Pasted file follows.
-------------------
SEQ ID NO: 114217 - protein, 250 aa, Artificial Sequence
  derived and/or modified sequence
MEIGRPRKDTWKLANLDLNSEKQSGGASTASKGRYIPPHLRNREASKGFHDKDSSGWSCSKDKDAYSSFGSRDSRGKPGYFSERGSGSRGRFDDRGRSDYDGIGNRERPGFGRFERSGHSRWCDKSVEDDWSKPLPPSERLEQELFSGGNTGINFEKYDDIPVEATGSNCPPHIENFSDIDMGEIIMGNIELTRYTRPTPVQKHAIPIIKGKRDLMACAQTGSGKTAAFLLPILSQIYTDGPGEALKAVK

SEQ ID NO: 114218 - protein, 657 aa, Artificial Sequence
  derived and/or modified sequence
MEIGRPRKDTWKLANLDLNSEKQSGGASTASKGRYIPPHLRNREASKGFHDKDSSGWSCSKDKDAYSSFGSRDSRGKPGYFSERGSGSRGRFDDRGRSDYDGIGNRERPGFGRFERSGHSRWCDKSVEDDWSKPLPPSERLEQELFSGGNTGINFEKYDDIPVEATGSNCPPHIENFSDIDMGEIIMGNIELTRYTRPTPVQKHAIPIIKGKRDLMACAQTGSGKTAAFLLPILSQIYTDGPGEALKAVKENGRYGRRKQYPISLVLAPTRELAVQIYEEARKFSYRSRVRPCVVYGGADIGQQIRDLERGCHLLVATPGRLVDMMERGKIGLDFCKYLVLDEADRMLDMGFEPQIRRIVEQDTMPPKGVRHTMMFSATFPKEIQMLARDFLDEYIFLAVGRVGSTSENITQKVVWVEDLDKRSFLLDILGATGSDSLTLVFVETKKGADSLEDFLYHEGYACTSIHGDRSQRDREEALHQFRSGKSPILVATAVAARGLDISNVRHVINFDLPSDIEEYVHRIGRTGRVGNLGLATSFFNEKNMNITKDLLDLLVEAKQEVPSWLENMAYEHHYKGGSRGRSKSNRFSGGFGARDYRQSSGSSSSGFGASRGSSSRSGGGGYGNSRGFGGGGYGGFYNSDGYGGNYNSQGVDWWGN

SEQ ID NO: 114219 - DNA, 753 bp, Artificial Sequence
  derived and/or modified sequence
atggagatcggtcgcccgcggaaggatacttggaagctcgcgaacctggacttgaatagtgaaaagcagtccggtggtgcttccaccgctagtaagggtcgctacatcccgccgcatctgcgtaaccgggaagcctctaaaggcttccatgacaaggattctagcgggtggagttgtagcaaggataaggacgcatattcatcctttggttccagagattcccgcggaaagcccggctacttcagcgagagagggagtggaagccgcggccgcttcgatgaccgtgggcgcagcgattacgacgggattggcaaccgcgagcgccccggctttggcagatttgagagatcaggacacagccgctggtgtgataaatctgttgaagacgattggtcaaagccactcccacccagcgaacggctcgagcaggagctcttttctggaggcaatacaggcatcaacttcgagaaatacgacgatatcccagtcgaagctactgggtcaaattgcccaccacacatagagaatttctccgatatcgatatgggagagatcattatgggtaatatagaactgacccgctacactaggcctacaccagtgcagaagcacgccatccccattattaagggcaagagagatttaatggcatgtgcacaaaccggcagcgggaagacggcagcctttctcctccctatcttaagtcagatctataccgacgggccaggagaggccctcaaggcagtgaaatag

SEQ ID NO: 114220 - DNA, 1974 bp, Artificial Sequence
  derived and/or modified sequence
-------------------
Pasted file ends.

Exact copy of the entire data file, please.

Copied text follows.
SEQ ID NO: 114217 - protein, 250 aa, Artificial Sequence
  derived and/or modified sequence
MEIGRPRKDTWKLANLDLNSEKQSGGASTASKGRYIPPHLRNREASKGFHDKDSSGWSCSKDKDAYSSFGSRDSRGKPGYFSERGSGSRGRFDDRGRSDYDGIGNRERPGFGRFERSGHSRWCDKSVEDDWSKPLPPSERLEQELFSGGNTGINFEKYDDIPVEATGSNCPPHIENFSDIDMGEIIMGNIELTRYTRPTPVQKHAIPIIKGKRDLMACAQTGSGKTAAFLLPILSQIYTDGPGEALKAVK

SEQ ID NO: 114218 - protein, 657 aa, Artificial Sequence
  derived and/or modified sequence
MEIGRPRKDTWKLANLDLNSEKQSGGASTASKGRYIPPHLRNREASKGFHDKDSSGWSCSKDKDAYSSFGSRDSRGKPGYFSERGSGSRGRFDDRGRSDYDGIGNRERPGFGRFERSGHSRWCDKSVEDDWSKPLPPSERLEQELFSGGNTGINFEKYDDIPVEATGSNCPPHIENFSDIDMGEIIMGNIELTRYTRPTPVQKHAIPIIKGKRDLMACAQTGSGKTAAFLLPILSQIYTDGPGEALKAVKENGRYGRRKQYPISLVLAPTRELAVQIYEEARKFSYRSRVRPCVVYGGADIGQQIRDLERGCHLLVATPGRLVDMMERGKIGLDFCKYLVLDEADRMLDMGFEPQIRRIVEQDTMPPKGVRHTMMFSATFPKEIQMLARDFLDEYIFLAVGRVGSTSENITQKVVWVEDLDKRSFLLDILGATGSDSLTLVFVETKKGADSLEDFLYHEGYACTSIHGDRSQRDREEALHQFRSGKSPILVATAVAARGLDISNVRHVINFDLPSDIEEYVHRIGRTGRVGNLGLATSFFNEKNMNITKDLLDLLVEAKQEVPSWLENMAYEHHYKGGSRGRSKSNRFSGGFGARDYRQSSGSSSSGFGASRGSSSRSGGGGYGNSRGFGGGGYGGFYNSDGYGGNYNSQGVDWWGN

SEQ ID NO: 114219 - DNA, 753 bp, Artificial Sequence
  derived and/or modified sequence
atggagatcggtcgcccgcggaaggatacttggaagctcgcgaacctggacttgaatagtgaaaagcagtccggtggtgcttccaccgctagtaagggtcgctacatcccgccgcatctgcgtaaccgggaagcctctaaaggcttccatgacaaggattctagcgggtggagttgtagcaaggataaggacgcatattcatcctttggttccagagattcccgcggaaagcccggctacttcagcgagagagggagtggaagccgcggccgcttcgatgaccgtgggcgcagcgattacgacgggattggcaaccgcgagcgccccggctttggcagatttgagagatcaggacacagccgctggtgtgataaatctgttgaagacgattggtcaaagccactcccacccagcgaacggctcgagcaggagctcttttctggaggcaatacaggcatcaacttcgagaaatacgacgatatcccagtcgaagctactgggtcaaattgcccaccacacatagagaatttctccgatatcgatatgggagagatcattatgggtaatatagaactgacccgctacactaggcctacaccagtgcagaagcacgccatccccattattaagggcaagagagatttaatggcatgtgcacaaaccggcagcgggaagacggcagcctttctcctccctatcttaagtcagatctataccgacgggccaggagaggccctcaaggcagtgaaatag

SEQ ID NO: 114220 - DNA, 1974 bp, Artificial Sequence
  derived and/or modified sequence